For first time since 2008, Cubs-Sox has mean­ing on both sides of town, even with­out fans in the stands


Fri­day night at Wrigley Field was the first time since June 2008 that the Cubs and White Sox each brought a win­ning record into a reg­u­lar-sea­son game against the other.

That’s a lit­tle more than 12 years where we come from. Too long. Silly long.

Oh, what this crosstown se­ries could be if win­ner vs. win­ner were more than an in­fre­quent pe­cu­liar­ity. In 2008, both teams were en route to di­vi­sion ti­tles. But that sea­son was the last time the Sox made the play­offs. It was the last sea­son of rel­e­vance for that it­er­a­tion of the Cubs, too. Since then, the so-called Crosstown Cup hasn’t ex­actly run­neth over.

Still a fun ri­valry? Sure. But in need of a charge, a jolt, an over­hand right to the jaw, if you will? Ab­so­lutely.

The good news: On a scale of 1 to Michael Bar­rett clock­ing A.J. Pierzyn­ski, this is the high­est the Cubs-Sox ri­valry has mea­sured in quite a while. The Cubs seem to be the class of the Na­tional League Cen­tral. The Sox are the up-and-com­ers of the Amer­i­can League. If you be­lieve young Sox ace Lu­cas Gi­olito, the tal­ent gap be­tween the teams — which se­verely fa­vored the Cubs the last sev­eral sea­sons — has dis­ap­peared.

It would, of course, be bet­ter if fans were in the stands to crank up the in­ten­sity and drink in the spec­ta­cle. Cubs right fielder Jason Hey­ward, who sees the Sox as ‘‘a team that has a lot of ex­pec­ta­tions, and right­fully so,’’ found him­self look­ing ahead to the week­end — but not to the all-toofa­mil­iar sight of empty seats — dur­ing the sec­ond game of the dou­ble­header Wed­nes­day against the Car­di­nals.

‘‘My heart goes out to the city be­cause they don’t get to come out and en­joy that,’’

Hey­ward said.

They’ll en­joy them­selves plenty if both teams can share in a higher call­ing — be­ing good at the same time — for a while.

It would be nice to be­lieve the Cubs, even though Kris Bryant’s fu­ture with the team is un­known, even though Jon Lester is in the twi­light of his ca­reer, even if the Rick­etts fam­ily piggy bank is a few nick­els light, will con­tinue to hold up their end of the deal. They have too much go­ing for them to be­gin fad­ing like it’s 2009.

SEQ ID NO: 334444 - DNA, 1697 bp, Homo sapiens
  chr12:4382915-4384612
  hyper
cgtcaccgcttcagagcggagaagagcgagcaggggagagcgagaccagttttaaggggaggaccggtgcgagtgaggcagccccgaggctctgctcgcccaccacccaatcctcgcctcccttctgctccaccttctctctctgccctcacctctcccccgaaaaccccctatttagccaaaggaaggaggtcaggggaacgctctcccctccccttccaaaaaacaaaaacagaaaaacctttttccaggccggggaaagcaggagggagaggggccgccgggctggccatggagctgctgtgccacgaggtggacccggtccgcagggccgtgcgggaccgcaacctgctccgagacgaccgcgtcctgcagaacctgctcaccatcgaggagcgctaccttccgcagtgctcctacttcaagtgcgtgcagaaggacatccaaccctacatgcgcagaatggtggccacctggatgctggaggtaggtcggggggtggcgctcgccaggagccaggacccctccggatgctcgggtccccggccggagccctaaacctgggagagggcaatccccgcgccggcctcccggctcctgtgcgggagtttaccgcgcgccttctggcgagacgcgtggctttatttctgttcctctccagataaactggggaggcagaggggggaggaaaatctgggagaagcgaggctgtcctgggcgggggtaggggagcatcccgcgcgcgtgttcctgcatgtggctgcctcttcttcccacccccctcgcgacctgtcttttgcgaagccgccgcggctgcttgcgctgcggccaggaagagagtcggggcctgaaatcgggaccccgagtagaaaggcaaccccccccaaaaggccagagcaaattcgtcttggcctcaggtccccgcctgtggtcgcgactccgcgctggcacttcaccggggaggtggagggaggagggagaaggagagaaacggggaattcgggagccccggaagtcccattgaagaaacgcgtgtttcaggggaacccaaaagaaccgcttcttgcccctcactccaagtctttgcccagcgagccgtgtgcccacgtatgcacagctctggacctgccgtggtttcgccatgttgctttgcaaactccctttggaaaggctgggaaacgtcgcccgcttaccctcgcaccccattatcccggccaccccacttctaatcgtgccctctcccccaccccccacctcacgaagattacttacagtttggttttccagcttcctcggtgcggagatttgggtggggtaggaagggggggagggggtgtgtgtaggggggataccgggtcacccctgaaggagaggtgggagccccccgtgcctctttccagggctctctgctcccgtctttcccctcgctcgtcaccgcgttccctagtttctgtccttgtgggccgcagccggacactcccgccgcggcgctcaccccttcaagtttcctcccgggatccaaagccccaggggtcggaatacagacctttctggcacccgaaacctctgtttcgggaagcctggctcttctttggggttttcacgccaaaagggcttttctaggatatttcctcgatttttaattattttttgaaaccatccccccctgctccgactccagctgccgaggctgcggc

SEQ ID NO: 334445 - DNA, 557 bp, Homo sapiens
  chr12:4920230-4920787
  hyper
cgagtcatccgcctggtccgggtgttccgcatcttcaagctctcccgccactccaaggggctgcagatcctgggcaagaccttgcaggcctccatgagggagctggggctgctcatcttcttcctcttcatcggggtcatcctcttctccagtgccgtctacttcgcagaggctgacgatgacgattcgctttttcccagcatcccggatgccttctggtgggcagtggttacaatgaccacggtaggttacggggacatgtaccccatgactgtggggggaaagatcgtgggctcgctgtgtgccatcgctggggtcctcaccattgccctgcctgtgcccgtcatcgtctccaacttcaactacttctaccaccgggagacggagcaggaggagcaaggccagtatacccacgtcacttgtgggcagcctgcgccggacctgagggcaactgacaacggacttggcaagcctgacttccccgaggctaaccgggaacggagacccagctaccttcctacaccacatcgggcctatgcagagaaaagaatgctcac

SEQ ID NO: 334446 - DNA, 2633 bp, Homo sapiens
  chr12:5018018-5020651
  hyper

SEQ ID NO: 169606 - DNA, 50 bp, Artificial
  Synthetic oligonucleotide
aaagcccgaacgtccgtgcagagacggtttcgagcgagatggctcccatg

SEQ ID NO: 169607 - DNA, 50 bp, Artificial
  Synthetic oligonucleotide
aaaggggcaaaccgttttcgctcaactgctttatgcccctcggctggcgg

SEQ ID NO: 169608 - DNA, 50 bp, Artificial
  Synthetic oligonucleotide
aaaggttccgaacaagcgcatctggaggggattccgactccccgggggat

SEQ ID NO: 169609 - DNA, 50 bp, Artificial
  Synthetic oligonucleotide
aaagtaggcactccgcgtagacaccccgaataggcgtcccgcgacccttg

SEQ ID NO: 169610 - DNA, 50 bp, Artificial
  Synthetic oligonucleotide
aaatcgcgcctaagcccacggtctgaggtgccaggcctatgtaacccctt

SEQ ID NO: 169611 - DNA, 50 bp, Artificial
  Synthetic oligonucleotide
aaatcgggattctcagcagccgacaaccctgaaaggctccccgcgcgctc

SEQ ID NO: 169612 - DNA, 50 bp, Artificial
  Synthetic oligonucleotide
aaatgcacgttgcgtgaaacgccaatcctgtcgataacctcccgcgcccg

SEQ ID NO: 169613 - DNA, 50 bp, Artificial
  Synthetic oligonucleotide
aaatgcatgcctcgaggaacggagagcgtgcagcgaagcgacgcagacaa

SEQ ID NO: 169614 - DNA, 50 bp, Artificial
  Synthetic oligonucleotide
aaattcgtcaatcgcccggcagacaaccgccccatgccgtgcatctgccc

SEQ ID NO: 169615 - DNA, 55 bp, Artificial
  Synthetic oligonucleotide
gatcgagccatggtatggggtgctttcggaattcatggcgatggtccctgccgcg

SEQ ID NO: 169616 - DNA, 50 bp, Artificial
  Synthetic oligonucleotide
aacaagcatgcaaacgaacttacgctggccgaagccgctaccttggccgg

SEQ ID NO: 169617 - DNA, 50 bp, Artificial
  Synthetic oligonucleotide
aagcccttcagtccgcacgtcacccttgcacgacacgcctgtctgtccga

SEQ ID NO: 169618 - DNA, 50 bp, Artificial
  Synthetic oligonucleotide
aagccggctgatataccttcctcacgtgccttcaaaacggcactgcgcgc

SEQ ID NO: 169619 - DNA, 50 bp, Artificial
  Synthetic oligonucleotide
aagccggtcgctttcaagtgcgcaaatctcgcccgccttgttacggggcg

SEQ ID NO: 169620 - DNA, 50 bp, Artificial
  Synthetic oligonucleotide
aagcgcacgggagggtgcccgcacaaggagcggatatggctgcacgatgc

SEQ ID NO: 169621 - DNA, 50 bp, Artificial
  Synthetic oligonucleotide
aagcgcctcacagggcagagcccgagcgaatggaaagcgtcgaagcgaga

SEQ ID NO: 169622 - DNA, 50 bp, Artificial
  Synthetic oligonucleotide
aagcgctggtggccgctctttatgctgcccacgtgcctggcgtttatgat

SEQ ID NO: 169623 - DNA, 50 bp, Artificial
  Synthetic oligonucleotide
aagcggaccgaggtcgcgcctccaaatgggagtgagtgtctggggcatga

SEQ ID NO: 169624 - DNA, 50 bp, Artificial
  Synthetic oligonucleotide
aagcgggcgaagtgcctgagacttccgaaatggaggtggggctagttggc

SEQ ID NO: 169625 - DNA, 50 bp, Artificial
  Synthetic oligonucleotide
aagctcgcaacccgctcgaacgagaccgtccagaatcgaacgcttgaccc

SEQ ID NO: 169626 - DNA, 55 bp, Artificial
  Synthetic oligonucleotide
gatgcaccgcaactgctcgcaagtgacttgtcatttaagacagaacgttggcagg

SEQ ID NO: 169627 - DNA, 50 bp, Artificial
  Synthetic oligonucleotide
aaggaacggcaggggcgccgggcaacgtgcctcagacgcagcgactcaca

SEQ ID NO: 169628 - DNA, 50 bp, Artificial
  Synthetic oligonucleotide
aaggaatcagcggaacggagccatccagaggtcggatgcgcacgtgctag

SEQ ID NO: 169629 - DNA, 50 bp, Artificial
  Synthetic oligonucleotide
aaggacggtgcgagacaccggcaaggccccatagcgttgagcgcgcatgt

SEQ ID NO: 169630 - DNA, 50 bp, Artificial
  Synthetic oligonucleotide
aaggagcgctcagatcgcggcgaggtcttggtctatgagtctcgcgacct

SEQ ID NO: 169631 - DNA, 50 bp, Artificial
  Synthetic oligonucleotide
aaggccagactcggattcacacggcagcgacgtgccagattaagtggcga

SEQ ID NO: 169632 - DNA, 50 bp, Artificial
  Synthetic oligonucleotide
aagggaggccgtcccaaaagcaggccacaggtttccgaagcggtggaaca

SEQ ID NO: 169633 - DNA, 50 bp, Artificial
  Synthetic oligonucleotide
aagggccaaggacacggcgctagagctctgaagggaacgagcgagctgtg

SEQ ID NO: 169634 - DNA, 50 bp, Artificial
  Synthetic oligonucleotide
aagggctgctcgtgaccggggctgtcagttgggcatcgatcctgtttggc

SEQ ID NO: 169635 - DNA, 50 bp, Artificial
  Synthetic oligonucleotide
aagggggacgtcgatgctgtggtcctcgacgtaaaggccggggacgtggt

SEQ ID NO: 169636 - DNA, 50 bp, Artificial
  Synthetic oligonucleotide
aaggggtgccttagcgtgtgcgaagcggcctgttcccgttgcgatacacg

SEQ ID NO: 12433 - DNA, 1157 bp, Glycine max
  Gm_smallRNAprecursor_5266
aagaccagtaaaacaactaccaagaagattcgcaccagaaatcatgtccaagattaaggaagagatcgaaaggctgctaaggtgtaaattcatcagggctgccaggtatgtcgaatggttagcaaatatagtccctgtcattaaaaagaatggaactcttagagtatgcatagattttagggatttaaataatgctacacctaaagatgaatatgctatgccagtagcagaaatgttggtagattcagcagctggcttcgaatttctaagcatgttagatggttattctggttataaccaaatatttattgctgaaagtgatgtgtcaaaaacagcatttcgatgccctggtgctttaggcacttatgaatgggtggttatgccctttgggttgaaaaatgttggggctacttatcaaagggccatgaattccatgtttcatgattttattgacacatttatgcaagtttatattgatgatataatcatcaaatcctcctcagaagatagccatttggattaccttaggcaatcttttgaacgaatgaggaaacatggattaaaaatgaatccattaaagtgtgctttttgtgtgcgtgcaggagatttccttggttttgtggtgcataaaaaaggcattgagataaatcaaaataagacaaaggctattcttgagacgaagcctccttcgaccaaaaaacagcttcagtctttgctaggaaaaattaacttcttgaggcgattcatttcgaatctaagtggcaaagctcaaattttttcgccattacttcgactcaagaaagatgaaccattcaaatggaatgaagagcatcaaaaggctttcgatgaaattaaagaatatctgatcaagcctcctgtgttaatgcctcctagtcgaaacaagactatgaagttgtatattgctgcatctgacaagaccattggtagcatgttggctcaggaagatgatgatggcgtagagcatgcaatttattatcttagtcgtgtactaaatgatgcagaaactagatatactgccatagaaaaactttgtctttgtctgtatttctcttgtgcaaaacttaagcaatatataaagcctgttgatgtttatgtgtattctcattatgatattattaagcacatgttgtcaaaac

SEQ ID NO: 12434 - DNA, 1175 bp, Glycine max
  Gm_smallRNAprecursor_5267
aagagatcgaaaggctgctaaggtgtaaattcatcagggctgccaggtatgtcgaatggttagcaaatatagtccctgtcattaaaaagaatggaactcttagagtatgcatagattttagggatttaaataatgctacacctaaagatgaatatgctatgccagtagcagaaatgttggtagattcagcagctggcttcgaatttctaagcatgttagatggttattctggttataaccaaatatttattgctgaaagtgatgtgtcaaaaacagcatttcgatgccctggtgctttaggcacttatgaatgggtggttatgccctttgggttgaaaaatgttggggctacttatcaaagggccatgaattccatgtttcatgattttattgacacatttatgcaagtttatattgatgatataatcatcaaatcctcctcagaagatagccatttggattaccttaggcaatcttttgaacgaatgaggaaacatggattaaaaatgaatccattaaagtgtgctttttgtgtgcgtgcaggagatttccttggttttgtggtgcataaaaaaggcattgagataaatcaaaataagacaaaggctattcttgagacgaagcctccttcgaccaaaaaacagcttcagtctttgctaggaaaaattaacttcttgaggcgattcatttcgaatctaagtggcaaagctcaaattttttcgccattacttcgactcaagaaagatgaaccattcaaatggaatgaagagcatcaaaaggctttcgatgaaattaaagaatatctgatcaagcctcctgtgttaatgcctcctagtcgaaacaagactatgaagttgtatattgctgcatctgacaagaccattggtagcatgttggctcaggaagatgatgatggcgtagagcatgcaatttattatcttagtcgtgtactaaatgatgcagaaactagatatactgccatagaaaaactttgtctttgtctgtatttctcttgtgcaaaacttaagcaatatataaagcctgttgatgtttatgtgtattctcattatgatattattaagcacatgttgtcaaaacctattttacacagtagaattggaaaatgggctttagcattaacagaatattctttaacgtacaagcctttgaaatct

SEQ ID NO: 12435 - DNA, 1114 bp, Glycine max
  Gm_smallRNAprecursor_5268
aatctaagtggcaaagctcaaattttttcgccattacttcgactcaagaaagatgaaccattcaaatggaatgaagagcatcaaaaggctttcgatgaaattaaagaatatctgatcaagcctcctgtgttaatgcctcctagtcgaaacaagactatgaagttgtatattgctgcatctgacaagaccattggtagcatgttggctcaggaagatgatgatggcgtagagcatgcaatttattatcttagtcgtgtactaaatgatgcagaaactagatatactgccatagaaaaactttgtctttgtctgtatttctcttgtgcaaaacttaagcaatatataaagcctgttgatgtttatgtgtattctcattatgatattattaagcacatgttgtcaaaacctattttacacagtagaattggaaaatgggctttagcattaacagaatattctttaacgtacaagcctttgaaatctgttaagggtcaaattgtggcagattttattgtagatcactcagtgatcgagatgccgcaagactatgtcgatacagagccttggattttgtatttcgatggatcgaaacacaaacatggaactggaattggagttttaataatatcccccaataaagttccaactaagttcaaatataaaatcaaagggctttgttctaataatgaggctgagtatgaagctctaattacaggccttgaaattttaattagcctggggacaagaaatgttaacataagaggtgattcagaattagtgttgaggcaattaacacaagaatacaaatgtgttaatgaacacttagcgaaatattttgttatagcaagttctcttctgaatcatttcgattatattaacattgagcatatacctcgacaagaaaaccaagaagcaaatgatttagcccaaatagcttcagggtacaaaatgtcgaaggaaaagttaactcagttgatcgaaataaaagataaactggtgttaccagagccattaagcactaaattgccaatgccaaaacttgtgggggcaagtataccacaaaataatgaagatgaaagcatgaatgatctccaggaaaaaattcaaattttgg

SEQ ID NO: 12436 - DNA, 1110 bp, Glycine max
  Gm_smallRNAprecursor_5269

Whether they can keep up with the Sox is an­other story.

The 2008 Sox were like an ag­ing fighter, still strong and crafty but hardly magnificen­t. The first six spots in their lineup for the fi­nal game of the sea­son against the Cubs fea­tured five play­ers — Or­lando Cabr­era, Pierzyn­ski, Jer­maine Dye, Jim Thome and Joe Crede — whose av­er­age age was 33. Paul Kon­erko, 32, was on the dis­abled list for the first time in his ca­reer. Ken Grif­fey Jr., 38, was still a month away from join­ing the team.

Look at the Sox now, with Tim An­der­son, Yoan Mon­cada, Eloy Jimenez, Luis Robert, Gi­olito and oth­ers who are just get­ting started. No one yet is count­ing down to the ex­pi­ra­tion of their con­tracts. No one is ru­mi­nat­ing yet about when the win­dow of op­por­tu­nity will close for this core of play­ers.

These Sox are charg­ing across the ring at what­ever chal­lenges await them and, yes, have a chance to be magnificen­t. For the sake of this ri­valry, one would hope they soon are able to stand toe-to-toe with the Cubs — if they aren’t al­ready — and that a fever­ish, pro­longed and mem­o­rable fight will en­sue.

Be­cause it has been too long. Silly long. Though, please, let’s keep the over­hand rights metaphor­i­cal. ✶


The Sox’ Jose Abreu cel­e­brates with Tim An­der­son af­ter hit­ting the first of his two home runs Fri­day against the Cubs at Wrigley Field.

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